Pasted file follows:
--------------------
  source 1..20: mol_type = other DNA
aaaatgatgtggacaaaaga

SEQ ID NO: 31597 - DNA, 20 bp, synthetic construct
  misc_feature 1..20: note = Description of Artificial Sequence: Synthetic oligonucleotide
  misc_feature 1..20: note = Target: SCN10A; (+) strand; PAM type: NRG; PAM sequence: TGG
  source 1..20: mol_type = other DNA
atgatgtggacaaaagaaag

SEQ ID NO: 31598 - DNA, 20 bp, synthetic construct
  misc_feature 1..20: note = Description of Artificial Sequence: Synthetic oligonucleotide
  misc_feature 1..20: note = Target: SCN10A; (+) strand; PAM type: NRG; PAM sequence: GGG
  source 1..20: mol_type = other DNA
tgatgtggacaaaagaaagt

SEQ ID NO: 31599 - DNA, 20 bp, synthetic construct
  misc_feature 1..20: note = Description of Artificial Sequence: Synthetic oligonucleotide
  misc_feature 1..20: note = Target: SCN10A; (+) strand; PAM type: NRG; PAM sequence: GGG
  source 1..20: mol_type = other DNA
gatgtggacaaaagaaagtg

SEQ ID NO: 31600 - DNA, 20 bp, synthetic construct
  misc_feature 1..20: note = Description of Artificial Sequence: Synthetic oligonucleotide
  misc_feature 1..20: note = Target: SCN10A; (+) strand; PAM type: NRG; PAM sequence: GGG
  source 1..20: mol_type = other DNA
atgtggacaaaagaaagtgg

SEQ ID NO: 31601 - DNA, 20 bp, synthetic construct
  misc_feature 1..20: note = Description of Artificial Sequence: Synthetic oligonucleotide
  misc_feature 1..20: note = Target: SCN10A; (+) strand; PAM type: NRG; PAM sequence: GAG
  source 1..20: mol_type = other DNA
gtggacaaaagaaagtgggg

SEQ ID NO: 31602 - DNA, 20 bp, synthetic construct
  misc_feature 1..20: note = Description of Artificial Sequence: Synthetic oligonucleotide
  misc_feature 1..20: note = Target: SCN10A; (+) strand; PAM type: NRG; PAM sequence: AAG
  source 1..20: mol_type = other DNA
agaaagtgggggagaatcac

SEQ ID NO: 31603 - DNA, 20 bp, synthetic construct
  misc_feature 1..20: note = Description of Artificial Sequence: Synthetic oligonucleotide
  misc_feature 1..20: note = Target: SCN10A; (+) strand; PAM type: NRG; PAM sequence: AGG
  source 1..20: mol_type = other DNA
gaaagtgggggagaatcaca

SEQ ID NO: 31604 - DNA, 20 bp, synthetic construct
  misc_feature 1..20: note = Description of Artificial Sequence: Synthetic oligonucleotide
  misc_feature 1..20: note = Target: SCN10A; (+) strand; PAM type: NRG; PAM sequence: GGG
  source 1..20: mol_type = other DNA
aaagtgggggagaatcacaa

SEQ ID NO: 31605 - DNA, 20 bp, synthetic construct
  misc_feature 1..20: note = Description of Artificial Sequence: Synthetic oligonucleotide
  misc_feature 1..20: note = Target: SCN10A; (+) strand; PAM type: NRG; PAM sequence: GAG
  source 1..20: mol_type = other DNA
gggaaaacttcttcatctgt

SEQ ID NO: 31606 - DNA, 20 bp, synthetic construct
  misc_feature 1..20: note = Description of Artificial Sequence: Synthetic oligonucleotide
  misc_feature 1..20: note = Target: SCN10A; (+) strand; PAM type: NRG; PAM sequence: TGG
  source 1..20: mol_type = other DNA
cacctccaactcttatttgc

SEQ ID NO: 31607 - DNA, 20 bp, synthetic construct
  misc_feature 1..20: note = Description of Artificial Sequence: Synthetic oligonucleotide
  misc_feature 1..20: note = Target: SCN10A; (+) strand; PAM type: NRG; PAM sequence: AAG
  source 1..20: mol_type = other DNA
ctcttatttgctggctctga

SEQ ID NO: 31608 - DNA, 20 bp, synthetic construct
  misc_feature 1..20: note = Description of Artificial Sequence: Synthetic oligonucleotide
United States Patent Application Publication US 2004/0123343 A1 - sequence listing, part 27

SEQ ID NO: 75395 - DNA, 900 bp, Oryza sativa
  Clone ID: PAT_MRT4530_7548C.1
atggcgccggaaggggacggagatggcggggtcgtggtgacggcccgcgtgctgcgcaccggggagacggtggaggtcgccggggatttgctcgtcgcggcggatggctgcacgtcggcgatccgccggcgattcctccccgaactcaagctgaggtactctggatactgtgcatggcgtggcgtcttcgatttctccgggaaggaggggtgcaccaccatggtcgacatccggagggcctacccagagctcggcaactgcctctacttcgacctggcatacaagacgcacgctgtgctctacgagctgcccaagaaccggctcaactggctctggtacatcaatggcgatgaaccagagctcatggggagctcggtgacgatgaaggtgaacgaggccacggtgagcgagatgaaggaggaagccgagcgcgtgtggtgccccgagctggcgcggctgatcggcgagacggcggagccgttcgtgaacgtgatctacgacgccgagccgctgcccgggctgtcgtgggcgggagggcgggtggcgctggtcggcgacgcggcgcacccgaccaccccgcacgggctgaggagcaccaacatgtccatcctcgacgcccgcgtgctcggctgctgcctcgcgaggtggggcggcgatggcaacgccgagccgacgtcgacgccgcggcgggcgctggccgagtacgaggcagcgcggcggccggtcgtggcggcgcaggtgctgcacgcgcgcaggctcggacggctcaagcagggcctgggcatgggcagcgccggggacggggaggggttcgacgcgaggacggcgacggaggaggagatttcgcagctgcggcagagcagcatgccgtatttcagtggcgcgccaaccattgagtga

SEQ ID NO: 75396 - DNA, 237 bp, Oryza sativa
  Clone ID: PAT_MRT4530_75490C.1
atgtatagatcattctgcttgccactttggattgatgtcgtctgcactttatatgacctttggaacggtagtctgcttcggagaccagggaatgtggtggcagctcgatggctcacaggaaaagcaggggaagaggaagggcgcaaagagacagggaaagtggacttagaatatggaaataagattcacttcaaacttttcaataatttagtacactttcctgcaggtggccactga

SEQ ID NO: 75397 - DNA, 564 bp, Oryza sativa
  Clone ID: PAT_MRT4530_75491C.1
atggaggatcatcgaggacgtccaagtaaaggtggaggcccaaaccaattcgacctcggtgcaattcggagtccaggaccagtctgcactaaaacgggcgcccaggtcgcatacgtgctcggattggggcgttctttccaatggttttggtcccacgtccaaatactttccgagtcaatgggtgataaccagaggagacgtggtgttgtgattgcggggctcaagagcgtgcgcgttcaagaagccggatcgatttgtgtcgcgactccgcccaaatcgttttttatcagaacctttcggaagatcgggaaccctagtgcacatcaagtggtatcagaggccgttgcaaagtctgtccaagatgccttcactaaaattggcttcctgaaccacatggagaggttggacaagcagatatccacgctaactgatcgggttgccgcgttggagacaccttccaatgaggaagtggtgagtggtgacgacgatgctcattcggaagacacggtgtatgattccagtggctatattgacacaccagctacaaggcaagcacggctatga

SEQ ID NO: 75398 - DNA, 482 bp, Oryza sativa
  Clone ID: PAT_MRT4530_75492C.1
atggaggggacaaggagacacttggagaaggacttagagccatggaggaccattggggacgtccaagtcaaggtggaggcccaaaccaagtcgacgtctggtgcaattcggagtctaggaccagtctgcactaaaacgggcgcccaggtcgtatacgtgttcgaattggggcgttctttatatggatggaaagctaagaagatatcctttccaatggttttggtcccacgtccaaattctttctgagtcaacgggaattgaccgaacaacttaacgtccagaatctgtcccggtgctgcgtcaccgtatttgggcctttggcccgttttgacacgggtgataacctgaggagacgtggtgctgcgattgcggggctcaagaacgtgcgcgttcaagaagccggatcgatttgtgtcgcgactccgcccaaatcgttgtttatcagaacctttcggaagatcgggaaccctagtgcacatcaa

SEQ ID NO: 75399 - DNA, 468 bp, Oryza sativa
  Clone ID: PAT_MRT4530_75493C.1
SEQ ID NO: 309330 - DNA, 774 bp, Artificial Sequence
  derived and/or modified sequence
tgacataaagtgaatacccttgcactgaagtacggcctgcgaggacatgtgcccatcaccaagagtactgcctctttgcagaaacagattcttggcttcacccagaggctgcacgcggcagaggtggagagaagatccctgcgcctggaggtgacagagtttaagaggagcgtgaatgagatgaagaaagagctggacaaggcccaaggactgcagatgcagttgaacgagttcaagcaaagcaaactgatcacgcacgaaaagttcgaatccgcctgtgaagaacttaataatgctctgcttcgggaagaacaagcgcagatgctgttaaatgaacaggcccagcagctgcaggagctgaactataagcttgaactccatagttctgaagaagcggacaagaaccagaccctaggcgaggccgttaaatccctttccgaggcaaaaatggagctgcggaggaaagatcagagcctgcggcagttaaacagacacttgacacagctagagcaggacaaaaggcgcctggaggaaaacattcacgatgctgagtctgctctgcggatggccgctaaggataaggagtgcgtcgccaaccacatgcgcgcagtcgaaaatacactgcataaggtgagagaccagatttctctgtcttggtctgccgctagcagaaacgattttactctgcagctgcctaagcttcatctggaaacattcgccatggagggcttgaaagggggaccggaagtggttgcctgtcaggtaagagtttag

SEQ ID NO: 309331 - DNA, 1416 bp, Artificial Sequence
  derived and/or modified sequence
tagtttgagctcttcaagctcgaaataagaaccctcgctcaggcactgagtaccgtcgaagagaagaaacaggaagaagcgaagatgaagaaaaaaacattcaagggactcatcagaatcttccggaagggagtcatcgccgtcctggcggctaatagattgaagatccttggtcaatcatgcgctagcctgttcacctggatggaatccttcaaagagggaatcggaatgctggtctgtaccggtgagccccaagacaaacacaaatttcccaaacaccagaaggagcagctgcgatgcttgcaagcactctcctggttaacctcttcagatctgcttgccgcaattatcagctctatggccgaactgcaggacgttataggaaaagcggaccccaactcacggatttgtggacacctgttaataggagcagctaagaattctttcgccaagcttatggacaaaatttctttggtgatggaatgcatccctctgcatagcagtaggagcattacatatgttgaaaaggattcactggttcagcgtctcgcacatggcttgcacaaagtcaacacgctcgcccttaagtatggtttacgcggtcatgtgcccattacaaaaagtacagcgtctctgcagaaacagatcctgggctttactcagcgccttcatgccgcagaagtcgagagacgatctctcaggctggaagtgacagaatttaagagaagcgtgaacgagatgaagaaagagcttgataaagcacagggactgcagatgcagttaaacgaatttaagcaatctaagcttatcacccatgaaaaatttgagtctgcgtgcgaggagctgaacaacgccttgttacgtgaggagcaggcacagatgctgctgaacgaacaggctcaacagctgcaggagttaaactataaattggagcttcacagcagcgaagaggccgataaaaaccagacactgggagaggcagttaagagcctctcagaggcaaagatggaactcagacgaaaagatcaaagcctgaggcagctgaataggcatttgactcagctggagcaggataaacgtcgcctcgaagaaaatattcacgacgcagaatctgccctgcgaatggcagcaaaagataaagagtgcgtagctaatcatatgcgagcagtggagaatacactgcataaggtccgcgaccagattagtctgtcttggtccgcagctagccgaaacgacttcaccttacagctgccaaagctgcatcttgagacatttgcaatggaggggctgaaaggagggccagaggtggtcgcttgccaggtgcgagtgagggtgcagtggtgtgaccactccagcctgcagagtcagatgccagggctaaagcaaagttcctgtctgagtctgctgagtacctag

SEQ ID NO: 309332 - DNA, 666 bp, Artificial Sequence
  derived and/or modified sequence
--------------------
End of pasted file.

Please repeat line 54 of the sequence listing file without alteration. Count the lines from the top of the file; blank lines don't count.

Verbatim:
  misc_feature 1..20: note = Description of Artificial Sequence: Synthetic oligonucleotide